While “My Week with Marilyn” and “Tinker Tailor Soldier Spy” led with 16 mentions each on the BAFTA longlist, the biopic landed only six nominations Tuesday while the spy thriller reaped 11 bids. Why the big difference? It has to do with the level of support for each film at the chapter level which are akin to the branches in AMPAS.
The BAFTA nominating process differs from the Oscars in two key ways: the entire membership votes for all nominees and do so in two stages. The final five contenders are culled from a longlist that includes 15 semi-finalists in most categories. The top five vote-getters from the respective chapters are indicated on the longlist so all voters can see what the experts prefer.
Those proved to be a good barometer of the eventual nominees. The Directors slate and all but one of the 20 acting nominees (Carey Mulligan, “Drive”) were in the top five on the longlists. So were all the screenplay nominees but for “The Iron Lady.” “War Horse” picked up two of its five technical bids despite not being among the top tier for Cinematography and Visual Effects. The only other outliers were in Costumes (“Tinker Tailor Solider Spy”), Score (“The Girl with the Dragon Tattoo”) and Sound (“The Artist”).
“The Artist” had 10 of its 12 chapter mentions in the top tier: Best Director (Michel Hazanavicius), Actor (Jean Dujardin), Actress (Berenice Bejo), Original Screenplay, Cinematography, Editing, Production Design, Costume Design, Make-up/Hair and Score. It reaped nominations for all of these plus Picture and Sound.
“Hugo” landed nine of its 11 chapter mentions in the top five: Director (Martin Scorsese), Cinematography, Editing, Production Design, Costume Design, Make-up/Hair, Score, Sound and Visual Effects. It reaped bids in all these categories.
“Tinker Tailor Soldier Spy” saw just eight of its 14 chapter mentions make the top five: Director (Tomas Alfredson), Actor (Gary Oldman), Adapted Screenplay, Cinematography, Editing, Production Design, Score and Sound. It was nominated in all these races plus Picture, British Film and Costume Design.
“My Week with Marilyn” went six for 14: Actress (Michelle Williams), Supporting Actor (Kenneth Branagh), Supporting Actress (Judi Dench), Supporting Actress (Zoe Wanamaker), Costumes, and Make-up/Hair. All of these except Wanamaker made the cut and it picked up a bid for British Film.
“The Help” was five for 11: Actress (Viola Davis), Supporting Actress (Jessica Chastain), Supporting Actress (Bryce Dallas Howard), Supporting Actress (Octavia Spencer) and Adapted Screenplay. Howard was the only no-show among the nominees and it also contends for Picture.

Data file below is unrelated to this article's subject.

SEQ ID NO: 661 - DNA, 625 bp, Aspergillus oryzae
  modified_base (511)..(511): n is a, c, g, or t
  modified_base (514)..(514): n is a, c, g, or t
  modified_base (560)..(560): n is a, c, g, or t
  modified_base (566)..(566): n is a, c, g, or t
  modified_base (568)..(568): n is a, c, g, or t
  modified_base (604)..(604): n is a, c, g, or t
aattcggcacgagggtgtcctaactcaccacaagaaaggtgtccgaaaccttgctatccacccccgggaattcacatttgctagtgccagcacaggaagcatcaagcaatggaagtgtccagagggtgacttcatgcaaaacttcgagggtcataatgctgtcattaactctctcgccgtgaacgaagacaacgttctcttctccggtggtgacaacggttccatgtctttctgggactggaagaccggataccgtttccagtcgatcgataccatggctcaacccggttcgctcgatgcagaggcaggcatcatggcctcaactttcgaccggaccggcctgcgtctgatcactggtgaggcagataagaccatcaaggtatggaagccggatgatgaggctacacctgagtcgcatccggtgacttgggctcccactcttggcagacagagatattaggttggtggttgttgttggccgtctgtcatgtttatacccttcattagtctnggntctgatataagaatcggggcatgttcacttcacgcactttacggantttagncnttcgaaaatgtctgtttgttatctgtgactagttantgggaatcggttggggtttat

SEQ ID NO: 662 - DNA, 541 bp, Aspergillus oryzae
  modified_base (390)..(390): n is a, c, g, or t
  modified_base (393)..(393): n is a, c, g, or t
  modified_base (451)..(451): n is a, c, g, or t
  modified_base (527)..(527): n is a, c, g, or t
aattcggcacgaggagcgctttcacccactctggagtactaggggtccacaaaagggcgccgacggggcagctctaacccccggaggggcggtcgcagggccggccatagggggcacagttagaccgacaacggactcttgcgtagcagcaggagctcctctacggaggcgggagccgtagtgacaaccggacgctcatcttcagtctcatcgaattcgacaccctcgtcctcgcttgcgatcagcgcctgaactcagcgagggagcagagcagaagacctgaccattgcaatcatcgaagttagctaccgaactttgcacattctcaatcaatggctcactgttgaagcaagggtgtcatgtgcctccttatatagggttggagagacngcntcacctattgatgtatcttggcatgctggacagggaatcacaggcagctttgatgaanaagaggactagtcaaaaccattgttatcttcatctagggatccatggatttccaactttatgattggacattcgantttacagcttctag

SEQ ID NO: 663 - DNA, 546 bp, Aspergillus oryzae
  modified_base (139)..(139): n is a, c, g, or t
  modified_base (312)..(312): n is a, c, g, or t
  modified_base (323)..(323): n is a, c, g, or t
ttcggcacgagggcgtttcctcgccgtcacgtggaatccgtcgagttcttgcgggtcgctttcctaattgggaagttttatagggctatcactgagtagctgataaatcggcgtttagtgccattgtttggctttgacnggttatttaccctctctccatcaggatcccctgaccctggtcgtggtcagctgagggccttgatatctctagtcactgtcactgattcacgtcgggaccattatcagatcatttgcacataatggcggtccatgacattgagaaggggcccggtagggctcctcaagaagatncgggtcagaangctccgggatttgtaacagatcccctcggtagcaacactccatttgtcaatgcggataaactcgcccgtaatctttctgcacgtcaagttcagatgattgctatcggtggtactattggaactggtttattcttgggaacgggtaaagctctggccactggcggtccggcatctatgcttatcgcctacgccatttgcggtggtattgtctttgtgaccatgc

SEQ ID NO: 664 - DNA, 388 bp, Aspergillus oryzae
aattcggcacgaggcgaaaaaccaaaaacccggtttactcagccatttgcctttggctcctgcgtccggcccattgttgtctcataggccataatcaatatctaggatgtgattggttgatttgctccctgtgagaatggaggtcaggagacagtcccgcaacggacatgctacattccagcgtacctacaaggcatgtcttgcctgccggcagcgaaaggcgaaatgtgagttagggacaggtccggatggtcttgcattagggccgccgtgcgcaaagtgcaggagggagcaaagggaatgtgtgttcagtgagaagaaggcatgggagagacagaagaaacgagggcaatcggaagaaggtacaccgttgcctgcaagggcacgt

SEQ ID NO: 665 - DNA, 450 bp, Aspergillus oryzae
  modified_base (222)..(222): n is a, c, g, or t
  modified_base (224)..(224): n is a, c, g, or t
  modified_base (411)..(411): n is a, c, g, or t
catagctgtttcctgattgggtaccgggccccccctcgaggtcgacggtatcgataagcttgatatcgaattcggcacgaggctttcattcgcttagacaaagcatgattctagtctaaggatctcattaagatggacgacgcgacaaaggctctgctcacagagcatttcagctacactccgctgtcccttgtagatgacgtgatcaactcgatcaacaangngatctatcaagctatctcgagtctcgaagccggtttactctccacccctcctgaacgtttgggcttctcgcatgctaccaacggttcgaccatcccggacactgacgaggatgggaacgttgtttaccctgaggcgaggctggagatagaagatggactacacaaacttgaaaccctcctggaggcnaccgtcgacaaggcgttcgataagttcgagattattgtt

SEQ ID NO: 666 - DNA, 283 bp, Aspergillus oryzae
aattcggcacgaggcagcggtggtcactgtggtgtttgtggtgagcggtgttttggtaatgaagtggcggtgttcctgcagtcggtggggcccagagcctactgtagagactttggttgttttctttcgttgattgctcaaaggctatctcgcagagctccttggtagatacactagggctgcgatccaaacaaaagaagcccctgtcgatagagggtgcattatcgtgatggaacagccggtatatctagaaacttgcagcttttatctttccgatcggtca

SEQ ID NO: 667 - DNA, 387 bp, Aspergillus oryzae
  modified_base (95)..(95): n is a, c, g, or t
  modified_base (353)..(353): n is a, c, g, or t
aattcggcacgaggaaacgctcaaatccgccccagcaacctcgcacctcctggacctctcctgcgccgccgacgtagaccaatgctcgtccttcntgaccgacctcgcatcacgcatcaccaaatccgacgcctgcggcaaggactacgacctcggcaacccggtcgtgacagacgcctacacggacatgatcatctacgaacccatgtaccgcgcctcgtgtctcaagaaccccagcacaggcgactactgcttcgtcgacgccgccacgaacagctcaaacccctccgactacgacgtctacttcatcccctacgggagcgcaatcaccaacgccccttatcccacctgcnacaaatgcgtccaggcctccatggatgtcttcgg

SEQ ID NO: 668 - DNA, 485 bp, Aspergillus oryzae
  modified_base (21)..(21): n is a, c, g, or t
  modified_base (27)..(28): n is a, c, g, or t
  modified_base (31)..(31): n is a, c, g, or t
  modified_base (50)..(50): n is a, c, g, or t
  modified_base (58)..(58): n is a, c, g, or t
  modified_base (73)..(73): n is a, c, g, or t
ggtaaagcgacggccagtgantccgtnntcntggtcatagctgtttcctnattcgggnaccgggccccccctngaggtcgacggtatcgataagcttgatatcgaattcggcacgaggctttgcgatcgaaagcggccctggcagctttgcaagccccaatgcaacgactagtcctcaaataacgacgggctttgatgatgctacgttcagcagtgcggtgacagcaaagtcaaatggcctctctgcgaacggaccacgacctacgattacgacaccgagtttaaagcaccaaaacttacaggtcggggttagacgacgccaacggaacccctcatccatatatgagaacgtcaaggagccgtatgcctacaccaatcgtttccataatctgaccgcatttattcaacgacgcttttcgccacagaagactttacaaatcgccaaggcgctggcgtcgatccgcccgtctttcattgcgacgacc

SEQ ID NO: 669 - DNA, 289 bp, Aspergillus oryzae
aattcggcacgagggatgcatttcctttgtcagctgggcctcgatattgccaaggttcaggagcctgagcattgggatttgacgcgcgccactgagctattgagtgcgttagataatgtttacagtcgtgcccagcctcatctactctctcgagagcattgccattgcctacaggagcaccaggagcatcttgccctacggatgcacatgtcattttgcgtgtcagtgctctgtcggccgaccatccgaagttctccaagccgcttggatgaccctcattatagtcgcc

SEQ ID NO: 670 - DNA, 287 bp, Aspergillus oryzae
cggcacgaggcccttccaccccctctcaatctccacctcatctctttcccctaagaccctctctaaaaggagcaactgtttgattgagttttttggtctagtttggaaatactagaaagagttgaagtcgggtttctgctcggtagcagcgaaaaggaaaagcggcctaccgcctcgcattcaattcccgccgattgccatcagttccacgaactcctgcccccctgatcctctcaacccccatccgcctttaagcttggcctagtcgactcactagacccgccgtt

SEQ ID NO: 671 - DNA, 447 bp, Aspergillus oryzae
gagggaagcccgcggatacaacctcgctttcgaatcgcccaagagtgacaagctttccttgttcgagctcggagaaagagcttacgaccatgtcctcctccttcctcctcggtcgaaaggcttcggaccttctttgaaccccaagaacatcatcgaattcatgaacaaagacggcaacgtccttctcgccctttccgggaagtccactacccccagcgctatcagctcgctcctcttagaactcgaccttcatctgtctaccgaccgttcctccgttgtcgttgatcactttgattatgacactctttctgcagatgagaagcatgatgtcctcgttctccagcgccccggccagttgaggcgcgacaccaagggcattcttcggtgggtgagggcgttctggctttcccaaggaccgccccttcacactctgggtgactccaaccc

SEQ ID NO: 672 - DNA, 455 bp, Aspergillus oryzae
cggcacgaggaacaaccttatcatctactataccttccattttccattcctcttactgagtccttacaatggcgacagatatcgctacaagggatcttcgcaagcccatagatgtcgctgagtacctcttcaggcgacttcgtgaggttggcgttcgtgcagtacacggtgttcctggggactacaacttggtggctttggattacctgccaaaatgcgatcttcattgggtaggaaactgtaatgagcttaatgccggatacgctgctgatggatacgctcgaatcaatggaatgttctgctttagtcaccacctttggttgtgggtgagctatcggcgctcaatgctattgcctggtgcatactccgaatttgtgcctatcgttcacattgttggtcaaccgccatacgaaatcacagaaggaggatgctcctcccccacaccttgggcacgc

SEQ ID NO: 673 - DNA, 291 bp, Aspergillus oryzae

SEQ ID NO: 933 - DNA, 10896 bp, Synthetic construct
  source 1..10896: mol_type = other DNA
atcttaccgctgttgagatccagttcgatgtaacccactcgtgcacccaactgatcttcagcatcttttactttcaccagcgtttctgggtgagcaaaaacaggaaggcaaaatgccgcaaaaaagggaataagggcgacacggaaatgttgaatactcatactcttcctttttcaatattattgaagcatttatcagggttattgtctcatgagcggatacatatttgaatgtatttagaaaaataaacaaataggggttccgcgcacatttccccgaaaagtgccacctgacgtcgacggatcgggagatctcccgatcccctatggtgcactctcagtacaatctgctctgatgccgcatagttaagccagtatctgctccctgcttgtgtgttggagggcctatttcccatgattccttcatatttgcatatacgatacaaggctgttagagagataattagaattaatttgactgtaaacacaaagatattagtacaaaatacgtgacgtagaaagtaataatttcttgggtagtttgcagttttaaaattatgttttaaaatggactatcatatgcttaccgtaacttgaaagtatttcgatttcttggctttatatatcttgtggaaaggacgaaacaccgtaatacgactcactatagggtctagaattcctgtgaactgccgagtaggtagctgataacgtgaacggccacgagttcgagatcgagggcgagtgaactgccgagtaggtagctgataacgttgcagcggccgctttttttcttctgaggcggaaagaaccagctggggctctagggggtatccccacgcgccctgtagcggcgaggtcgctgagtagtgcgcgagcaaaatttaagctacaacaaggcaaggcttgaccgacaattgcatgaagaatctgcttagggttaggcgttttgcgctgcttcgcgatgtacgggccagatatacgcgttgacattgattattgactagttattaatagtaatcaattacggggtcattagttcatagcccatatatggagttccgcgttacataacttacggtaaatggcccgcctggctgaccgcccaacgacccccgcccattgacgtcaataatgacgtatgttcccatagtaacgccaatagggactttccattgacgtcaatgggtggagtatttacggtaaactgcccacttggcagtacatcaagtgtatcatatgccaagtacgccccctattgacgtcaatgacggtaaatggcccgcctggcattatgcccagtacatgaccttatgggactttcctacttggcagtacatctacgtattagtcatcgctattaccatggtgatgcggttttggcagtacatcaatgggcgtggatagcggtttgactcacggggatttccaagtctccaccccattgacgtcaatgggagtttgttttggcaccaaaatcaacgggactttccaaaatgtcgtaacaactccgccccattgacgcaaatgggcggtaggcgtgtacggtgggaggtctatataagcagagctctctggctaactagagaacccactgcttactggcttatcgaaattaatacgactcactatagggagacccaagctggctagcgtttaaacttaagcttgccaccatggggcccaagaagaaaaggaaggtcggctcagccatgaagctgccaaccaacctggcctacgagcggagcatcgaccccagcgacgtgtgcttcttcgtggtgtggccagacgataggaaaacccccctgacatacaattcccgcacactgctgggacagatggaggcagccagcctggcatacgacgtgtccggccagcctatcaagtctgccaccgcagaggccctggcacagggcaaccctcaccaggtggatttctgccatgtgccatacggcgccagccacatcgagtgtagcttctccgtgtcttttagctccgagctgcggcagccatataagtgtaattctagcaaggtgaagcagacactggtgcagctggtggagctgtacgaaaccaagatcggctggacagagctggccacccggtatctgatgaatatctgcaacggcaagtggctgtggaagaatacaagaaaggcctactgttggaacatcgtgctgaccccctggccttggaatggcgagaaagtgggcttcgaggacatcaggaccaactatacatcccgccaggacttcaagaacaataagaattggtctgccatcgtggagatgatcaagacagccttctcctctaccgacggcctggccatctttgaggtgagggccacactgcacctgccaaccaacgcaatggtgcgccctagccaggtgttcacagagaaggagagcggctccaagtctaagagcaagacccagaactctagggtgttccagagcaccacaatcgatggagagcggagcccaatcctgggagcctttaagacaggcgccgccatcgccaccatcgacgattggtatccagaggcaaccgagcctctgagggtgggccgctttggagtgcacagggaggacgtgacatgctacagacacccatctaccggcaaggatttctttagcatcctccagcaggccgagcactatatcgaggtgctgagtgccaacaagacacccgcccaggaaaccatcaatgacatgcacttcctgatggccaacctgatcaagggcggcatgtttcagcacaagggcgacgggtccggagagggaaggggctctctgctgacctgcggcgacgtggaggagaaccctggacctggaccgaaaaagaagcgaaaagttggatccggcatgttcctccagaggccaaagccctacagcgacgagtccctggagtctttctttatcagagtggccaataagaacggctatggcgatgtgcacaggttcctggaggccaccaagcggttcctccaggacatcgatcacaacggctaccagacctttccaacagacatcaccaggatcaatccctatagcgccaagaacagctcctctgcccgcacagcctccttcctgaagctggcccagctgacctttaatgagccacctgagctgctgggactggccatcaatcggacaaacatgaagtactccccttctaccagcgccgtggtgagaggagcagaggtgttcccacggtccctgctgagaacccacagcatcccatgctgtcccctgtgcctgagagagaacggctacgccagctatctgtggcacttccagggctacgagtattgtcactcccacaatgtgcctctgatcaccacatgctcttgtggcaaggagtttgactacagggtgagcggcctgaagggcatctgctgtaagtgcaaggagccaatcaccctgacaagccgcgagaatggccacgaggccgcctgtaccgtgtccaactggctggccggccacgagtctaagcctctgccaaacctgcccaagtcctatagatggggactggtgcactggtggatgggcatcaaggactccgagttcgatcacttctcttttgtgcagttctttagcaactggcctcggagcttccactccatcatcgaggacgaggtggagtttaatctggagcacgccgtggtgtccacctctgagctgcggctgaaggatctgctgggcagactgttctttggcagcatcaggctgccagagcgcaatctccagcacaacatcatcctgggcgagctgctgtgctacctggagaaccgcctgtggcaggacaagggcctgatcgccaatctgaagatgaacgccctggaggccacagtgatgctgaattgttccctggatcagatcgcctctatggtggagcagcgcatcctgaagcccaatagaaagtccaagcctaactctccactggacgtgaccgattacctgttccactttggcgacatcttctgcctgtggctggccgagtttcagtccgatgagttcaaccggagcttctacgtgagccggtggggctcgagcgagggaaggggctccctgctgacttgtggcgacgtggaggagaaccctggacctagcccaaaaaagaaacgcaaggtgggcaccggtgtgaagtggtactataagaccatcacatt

“War Horse” managed only three of 11: Production Design, Score and Sound. The film was nominated in those three categories plus Cinematography and Visual Effects.
“Drive” went just three for 10: Director (Nicolas Winding Refn), Cinematography and Editing. While it got nods for helming and cutting, it also contends for Picture and Supporting Actress.
“Moneyball” landed three out of seven in the top five: Actor (Brad Pitt), Supporting Actor (Jonah Hill) and Adapted Screenplay. And it batted a thousand with them all landing nominations.
For “The Iron Lady,” only three of 12 mentions looked likely to be elected — Actress (Meryl Streep), Supporting Actor (Jim Broadbent) and Make-up/Hair — but it also contends for Original Screenplay.
Likewise, “The Ides of March” placed just two of 10 in the top five — Supporting Actor (Phillip Seymour Hoffman) and Adapted Screenplay — but both succeeded in securing nominations.
“Harry Potter and the Deathly Hallows: Part 2” conjured up top slots for two of its nine mentions: Production Design and Visual Effect. Those both got nominated as did Makeup/Hair and Sound.
“We Need to Talk About Kevin” went two for eight: Director (Lynne Ramsay) and Actress (Tilda Swinton). They both got bids as did the movie for British Film.
“The Descendants” was two for six: Actor (George Clooney) and Adapted Screenplay. It got only those two nominations plus Picture.
“The Girl with the Dragon Tattoo” managed this for just one of its 12 chapter mentions (Cinematography) but also reaped a Score bid.
“Midnight in Paris” also landed just one of its 12 mentions in the top five (Original Screenplay) and that was its only nomination.